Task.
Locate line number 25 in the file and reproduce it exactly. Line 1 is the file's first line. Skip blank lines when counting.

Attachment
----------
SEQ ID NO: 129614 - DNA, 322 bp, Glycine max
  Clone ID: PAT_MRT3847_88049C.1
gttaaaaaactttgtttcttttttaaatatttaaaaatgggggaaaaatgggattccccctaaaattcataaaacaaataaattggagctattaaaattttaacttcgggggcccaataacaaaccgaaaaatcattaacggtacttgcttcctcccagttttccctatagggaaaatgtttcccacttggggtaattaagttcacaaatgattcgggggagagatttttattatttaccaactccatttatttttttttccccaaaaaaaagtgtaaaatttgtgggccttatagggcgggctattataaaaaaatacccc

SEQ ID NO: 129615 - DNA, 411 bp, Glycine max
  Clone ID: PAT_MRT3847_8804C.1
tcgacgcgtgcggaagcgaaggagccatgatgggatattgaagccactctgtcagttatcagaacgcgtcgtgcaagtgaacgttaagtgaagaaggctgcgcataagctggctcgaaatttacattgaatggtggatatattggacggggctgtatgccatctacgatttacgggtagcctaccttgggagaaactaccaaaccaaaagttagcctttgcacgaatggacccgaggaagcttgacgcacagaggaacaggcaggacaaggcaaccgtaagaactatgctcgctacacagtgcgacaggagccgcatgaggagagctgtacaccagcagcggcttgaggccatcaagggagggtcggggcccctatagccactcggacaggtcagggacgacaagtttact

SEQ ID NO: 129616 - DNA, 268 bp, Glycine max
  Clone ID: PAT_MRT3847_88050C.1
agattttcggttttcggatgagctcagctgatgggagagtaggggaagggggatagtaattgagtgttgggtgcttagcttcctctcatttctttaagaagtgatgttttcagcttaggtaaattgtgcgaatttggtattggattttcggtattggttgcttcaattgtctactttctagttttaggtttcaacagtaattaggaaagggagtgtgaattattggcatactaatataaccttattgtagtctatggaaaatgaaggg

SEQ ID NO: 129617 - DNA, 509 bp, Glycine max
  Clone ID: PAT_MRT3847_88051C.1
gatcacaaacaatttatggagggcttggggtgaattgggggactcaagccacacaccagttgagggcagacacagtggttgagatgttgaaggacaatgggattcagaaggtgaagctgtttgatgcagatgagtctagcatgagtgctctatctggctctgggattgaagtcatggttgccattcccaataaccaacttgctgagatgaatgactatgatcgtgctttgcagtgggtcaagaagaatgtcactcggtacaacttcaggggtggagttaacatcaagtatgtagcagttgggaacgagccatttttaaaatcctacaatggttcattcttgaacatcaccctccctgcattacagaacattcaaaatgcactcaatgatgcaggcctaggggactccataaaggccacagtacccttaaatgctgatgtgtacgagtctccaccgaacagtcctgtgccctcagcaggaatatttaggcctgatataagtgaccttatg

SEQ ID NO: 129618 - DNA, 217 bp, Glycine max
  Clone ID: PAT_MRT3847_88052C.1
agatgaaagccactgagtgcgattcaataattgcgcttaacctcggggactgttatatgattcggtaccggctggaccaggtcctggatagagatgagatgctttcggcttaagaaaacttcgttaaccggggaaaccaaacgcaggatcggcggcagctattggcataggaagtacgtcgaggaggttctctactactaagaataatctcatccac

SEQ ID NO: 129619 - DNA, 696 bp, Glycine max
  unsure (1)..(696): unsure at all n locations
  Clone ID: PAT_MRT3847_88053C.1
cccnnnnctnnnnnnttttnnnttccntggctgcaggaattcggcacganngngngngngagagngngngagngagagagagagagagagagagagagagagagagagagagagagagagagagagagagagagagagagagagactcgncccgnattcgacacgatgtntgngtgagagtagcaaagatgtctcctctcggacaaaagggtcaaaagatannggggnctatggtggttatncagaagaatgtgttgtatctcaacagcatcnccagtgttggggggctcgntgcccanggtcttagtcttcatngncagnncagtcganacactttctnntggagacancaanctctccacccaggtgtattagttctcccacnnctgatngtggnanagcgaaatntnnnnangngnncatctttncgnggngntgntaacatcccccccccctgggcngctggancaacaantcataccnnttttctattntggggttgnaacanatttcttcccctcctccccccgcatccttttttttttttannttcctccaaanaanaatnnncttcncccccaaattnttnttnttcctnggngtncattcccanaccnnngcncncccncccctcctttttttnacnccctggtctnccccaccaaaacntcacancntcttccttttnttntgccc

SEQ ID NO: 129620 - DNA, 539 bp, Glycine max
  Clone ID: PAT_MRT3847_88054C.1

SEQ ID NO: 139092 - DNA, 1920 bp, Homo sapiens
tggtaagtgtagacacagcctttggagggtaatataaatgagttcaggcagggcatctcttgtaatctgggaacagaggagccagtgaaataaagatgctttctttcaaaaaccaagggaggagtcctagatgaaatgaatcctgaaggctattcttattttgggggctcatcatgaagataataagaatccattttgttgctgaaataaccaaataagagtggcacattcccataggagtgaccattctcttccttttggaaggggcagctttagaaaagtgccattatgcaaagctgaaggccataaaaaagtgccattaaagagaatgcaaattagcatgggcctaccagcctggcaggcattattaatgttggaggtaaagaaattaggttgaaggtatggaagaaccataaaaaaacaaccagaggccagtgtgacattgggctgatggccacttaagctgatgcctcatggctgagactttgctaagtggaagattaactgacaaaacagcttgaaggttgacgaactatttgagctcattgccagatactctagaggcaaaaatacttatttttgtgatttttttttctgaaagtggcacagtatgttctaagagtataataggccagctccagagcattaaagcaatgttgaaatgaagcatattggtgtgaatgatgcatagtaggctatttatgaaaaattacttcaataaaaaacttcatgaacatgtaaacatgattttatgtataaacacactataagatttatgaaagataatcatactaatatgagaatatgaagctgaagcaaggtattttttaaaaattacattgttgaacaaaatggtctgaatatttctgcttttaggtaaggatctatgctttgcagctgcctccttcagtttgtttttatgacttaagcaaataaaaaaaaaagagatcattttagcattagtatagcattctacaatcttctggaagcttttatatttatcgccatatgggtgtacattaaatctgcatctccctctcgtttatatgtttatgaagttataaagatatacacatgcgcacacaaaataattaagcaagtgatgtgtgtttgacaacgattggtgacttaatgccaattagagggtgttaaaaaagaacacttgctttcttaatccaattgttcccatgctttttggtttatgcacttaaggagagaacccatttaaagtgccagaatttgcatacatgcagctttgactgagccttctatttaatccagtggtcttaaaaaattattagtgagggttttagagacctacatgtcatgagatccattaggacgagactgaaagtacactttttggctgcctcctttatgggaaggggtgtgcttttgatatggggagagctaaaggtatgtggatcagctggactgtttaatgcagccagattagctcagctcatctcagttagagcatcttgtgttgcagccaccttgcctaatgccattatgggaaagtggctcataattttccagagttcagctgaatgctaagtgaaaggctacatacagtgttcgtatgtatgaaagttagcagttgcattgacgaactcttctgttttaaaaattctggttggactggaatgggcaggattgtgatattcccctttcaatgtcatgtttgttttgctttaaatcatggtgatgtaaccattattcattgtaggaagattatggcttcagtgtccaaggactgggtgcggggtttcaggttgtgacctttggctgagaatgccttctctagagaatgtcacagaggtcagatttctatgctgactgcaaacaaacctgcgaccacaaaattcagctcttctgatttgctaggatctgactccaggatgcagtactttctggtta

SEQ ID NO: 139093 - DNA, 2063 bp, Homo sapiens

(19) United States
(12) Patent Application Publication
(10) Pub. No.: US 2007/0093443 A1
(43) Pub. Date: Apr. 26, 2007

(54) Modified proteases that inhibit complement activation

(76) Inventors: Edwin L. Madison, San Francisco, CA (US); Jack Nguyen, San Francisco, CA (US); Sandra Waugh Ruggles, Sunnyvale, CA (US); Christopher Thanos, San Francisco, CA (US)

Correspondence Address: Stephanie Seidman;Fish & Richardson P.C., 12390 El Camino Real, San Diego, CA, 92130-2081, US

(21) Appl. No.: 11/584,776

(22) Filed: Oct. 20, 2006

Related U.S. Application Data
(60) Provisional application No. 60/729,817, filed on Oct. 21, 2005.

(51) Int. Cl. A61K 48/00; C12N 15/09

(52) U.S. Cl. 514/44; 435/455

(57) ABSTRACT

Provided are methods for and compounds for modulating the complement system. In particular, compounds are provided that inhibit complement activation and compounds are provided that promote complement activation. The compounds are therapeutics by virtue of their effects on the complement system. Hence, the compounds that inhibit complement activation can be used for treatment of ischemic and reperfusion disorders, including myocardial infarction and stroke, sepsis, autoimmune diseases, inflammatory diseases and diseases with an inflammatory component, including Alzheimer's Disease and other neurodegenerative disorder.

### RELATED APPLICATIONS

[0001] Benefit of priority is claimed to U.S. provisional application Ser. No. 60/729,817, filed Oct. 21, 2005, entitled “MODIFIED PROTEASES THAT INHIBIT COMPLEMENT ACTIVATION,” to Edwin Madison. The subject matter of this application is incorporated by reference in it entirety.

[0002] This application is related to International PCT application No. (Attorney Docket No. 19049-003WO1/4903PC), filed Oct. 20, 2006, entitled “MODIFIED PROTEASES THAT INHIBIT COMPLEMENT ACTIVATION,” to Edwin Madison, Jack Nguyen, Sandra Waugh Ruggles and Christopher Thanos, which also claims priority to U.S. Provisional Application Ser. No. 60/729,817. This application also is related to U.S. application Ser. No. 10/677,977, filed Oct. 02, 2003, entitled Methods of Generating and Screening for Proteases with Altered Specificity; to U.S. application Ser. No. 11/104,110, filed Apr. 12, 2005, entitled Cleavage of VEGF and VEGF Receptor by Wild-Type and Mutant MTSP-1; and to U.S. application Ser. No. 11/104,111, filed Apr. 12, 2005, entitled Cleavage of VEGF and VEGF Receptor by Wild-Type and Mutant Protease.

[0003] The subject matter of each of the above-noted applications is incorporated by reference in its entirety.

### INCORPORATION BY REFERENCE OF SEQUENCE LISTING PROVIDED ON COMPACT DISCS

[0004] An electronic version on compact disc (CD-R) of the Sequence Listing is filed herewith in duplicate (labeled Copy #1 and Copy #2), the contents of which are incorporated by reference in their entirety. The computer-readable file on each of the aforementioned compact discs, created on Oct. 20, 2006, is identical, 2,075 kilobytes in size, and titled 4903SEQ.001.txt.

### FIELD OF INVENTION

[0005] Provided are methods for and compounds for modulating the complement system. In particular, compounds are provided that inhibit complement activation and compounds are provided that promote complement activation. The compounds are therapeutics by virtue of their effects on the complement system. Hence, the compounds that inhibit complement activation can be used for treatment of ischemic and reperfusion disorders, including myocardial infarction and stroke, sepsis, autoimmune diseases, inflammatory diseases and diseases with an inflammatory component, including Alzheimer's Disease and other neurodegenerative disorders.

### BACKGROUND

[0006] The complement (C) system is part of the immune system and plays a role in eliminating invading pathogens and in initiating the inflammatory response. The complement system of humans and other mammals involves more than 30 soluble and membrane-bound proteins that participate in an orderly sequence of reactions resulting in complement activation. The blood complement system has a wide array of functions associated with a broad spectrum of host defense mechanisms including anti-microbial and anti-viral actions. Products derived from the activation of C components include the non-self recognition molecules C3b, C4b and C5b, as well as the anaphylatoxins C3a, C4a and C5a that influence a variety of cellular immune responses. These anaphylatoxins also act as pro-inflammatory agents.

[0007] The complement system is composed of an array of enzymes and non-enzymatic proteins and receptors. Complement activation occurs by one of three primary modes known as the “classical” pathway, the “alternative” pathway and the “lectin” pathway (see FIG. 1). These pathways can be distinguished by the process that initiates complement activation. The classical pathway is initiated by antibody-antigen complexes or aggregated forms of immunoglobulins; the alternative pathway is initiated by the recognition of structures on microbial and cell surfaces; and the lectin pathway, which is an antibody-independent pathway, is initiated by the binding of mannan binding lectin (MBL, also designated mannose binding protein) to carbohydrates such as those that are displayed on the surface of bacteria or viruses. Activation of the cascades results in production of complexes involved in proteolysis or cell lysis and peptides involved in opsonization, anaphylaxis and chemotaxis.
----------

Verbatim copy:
(19) United States